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The BeaverIts Life and Impact$
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Dietland Muller-Schwarze

Print publication date: 2011

Print ISBN-13: 9780801450105

Published to Cornell Scholarship Online: August 2016

DOI: 10.7591/cornell/9780801450105.001.0001

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Infrastructure

Infrastructure

Dams, Lodges, Trails, and Canals

Chapter:
(p.55) Chapter 7 Infrastructure
Source:
The Beaver
Author(s):

Dietland Müller-Schwarze

Publisher:
Cornell University Press
DOI:10.7591/cornell/9780801450105.003.0007

This chapter explains how and why beavers build infrastructure such as dams, lodges, trails, and canals. Beavers build one or several dams to impound water along streams. The impoundment keeps the lodge entrances under water, which allows logs and branches to float and beavers to dive to safety as well as travel to feeding areas. The lodge is the focal point of a beaver colony. It is the principal shelter for the family, providing protection from cold, heat, and predators. Here the beavers rest, sleep, mate, bear the young, and rear them. The lodge insulates the beavers extremely well from outside temperatures. Wherever beavers repeatedly forage away from water, they wear down vegetation and create trails. On more or less level ground, well-worn trails will fill with water. Beavers further improve these incipient canals: they dredge up mud and deposit it at the banks of these channels.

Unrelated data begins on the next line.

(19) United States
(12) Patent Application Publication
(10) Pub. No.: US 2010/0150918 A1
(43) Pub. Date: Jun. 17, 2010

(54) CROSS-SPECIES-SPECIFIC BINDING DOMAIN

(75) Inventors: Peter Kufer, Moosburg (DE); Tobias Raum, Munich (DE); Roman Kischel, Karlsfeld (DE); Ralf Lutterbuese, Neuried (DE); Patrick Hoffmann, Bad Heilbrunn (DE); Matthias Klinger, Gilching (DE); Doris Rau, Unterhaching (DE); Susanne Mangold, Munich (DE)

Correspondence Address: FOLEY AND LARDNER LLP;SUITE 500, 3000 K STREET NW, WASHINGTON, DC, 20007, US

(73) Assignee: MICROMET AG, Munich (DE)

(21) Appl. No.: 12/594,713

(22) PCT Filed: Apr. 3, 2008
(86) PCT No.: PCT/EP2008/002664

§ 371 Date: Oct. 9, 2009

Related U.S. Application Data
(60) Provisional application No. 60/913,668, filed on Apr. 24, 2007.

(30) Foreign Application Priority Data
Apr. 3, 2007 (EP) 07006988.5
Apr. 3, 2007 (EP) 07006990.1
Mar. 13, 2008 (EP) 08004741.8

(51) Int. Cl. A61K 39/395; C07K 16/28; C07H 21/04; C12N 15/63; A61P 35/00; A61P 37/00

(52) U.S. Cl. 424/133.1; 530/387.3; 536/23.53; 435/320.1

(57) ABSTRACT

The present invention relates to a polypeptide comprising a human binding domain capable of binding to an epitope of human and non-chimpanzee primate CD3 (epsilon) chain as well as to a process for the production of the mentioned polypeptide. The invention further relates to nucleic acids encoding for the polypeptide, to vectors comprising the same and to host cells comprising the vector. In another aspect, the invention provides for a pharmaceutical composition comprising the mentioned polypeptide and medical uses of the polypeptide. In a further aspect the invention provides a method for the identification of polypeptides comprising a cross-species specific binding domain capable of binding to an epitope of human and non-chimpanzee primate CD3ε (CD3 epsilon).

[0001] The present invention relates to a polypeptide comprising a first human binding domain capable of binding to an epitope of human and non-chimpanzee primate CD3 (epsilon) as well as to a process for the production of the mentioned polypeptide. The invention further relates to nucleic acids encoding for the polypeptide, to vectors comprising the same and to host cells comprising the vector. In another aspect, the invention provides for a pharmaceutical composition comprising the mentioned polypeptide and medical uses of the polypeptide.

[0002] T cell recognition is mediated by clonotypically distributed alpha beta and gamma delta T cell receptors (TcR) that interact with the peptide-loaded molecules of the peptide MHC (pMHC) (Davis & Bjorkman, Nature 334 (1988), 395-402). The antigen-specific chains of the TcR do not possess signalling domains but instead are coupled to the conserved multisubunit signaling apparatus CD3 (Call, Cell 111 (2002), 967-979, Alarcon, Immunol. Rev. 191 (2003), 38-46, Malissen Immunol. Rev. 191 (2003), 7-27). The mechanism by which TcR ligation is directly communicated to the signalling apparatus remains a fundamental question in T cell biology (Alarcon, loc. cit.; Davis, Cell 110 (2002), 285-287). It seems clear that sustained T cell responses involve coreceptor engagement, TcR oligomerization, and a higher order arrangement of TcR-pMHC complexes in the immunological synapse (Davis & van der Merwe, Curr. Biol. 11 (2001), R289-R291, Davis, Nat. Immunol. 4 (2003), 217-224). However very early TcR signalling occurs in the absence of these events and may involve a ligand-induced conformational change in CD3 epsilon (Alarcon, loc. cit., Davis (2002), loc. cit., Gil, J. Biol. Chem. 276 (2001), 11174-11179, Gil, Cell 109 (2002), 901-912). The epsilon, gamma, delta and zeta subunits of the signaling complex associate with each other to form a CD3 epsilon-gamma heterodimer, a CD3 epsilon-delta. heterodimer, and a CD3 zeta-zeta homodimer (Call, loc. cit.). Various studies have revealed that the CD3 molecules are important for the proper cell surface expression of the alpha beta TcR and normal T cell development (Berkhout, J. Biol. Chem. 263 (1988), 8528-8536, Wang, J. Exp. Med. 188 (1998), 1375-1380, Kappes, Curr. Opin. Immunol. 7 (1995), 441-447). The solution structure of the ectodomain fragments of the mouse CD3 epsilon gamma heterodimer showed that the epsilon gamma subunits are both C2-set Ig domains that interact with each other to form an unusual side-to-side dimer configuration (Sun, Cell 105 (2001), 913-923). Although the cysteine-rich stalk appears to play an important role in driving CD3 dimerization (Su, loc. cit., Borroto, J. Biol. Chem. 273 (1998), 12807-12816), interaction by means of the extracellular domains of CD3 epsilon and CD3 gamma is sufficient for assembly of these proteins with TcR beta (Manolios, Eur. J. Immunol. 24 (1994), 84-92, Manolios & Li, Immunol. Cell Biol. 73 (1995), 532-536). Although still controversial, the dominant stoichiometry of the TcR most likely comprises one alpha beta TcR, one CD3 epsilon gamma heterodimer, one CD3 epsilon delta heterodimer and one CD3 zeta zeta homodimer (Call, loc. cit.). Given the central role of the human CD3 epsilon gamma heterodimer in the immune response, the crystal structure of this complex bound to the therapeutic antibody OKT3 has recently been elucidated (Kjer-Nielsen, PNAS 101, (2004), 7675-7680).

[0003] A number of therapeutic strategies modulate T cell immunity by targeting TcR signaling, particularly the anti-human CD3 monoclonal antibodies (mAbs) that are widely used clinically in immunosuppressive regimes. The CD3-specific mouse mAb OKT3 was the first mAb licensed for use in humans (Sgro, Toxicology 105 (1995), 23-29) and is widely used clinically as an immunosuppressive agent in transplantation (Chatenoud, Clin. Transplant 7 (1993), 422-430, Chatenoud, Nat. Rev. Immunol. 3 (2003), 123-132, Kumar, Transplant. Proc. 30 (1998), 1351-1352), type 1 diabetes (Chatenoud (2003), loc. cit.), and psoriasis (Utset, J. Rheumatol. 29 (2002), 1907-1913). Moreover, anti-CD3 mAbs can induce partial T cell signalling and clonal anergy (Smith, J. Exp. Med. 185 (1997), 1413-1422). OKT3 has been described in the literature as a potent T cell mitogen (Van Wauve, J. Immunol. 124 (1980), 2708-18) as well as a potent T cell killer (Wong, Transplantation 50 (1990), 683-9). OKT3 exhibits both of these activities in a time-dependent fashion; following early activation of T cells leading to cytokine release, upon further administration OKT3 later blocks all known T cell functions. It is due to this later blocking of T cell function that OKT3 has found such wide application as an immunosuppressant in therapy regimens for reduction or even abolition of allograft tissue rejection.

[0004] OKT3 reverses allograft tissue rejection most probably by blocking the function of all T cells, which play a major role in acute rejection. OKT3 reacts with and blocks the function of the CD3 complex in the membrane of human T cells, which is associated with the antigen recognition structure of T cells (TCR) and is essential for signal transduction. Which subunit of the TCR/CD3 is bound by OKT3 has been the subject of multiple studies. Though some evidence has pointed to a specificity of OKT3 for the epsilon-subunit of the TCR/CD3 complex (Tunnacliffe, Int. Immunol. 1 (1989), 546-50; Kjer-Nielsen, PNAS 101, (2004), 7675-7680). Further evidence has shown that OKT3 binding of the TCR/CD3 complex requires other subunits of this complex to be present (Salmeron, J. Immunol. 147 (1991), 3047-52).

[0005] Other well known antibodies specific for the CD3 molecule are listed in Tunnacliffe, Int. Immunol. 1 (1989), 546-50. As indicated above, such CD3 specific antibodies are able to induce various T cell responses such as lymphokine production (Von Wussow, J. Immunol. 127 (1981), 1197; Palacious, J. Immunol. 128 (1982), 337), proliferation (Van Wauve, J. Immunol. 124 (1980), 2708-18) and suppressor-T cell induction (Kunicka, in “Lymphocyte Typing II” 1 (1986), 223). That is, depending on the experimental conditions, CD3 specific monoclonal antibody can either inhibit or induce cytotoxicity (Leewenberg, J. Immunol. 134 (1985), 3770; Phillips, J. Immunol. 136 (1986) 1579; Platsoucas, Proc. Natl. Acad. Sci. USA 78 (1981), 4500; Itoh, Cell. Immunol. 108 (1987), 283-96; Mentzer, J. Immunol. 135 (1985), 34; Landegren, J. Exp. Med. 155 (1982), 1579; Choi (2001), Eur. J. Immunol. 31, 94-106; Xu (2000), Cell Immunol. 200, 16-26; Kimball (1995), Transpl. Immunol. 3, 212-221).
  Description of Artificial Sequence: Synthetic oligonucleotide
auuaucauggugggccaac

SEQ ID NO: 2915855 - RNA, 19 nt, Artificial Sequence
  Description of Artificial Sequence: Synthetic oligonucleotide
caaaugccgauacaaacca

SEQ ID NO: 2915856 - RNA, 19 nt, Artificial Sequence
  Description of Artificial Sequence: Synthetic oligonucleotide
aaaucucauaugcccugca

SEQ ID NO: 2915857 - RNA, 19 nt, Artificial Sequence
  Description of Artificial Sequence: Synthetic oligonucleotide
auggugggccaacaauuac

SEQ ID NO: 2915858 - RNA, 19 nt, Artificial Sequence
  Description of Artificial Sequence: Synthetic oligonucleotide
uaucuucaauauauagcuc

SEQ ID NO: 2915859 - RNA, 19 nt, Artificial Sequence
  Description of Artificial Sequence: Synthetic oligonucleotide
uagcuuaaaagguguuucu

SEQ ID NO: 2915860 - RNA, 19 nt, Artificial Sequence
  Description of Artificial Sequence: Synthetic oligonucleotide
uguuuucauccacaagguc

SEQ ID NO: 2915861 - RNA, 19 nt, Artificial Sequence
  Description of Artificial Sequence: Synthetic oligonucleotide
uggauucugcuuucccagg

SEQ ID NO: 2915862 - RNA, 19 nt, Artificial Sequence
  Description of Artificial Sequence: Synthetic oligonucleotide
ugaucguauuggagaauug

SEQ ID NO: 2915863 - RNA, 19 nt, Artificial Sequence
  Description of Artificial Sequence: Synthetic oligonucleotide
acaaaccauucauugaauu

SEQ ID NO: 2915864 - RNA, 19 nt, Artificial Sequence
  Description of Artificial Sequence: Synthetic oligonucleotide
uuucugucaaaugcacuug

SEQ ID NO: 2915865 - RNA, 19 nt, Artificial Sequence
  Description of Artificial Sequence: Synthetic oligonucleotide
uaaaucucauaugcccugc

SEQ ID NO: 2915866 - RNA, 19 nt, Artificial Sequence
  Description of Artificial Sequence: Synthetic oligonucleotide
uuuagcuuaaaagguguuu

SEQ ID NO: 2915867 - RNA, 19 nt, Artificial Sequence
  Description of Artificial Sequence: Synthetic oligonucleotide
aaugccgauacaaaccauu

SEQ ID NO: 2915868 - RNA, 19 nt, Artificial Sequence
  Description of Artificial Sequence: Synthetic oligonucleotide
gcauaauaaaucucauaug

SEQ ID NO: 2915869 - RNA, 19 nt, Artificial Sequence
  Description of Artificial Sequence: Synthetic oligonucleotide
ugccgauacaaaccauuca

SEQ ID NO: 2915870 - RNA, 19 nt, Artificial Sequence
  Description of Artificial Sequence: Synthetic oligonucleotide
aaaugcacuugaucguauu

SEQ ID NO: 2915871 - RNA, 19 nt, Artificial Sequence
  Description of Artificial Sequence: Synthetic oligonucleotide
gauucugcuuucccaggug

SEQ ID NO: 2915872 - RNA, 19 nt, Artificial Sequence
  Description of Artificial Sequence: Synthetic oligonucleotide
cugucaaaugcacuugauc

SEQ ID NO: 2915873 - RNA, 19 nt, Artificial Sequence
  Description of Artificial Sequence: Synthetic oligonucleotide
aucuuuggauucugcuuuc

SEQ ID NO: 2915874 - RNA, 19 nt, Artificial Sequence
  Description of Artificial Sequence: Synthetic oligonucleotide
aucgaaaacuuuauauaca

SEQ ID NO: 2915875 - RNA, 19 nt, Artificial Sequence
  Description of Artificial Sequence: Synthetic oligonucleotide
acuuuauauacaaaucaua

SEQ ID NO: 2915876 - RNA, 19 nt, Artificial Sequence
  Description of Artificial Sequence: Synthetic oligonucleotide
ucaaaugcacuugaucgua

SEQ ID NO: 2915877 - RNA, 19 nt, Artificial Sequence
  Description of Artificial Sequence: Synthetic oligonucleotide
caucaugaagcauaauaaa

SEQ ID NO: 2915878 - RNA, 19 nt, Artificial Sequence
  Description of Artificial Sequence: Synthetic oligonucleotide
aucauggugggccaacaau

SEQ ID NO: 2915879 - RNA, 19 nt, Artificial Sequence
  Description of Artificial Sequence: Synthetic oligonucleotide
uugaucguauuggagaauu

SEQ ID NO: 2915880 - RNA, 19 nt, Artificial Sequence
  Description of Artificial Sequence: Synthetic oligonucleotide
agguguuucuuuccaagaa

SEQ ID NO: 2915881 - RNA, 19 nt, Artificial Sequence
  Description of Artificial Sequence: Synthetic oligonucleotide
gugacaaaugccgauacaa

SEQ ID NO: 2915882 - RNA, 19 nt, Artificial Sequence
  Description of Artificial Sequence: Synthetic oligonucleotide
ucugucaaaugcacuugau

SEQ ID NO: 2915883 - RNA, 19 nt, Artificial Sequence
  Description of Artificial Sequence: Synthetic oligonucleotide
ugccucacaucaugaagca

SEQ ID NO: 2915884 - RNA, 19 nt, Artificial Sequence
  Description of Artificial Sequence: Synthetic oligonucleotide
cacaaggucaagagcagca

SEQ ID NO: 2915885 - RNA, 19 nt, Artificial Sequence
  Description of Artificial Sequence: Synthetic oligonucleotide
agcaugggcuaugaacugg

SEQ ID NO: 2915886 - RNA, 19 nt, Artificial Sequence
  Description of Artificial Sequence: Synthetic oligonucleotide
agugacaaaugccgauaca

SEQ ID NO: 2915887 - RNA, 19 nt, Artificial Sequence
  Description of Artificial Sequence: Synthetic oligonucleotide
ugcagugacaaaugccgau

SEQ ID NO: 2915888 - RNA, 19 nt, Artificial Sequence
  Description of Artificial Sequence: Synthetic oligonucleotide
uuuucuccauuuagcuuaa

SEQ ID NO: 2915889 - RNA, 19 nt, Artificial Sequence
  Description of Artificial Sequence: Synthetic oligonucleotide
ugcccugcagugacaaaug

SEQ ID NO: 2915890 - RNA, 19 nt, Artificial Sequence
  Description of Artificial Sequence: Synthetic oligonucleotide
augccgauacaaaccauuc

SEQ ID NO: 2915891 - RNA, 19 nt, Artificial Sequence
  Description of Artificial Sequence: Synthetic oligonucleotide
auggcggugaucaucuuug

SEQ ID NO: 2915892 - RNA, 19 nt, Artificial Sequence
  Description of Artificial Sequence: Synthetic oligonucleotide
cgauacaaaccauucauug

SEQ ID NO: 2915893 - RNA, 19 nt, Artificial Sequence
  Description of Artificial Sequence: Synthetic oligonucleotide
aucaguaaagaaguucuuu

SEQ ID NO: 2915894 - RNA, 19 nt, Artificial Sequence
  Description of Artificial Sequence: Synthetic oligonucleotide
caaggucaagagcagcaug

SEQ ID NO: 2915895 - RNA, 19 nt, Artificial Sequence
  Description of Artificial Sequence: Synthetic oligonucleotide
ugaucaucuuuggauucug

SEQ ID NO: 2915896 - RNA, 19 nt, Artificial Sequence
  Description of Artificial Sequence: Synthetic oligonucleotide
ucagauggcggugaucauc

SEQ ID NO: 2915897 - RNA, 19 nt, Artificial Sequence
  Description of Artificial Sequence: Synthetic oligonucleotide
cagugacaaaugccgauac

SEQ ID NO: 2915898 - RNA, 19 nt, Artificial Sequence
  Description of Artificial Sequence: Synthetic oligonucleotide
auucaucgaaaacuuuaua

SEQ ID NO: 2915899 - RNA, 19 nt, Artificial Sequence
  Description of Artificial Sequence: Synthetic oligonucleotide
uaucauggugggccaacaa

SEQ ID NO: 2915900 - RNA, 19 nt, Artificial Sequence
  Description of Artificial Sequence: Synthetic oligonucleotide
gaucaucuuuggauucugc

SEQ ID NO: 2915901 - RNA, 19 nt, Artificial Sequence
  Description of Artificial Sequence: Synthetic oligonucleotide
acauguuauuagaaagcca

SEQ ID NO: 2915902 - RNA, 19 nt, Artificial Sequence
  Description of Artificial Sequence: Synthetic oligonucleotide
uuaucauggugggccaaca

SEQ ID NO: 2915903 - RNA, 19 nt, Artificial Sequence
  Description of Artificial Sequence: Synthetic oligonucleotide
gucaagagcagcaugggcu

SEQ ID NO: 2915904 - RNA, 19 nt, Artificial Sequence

Keywords:   beaver, infrastructure, dam, lodge, trail, canal, impoundment, shelter

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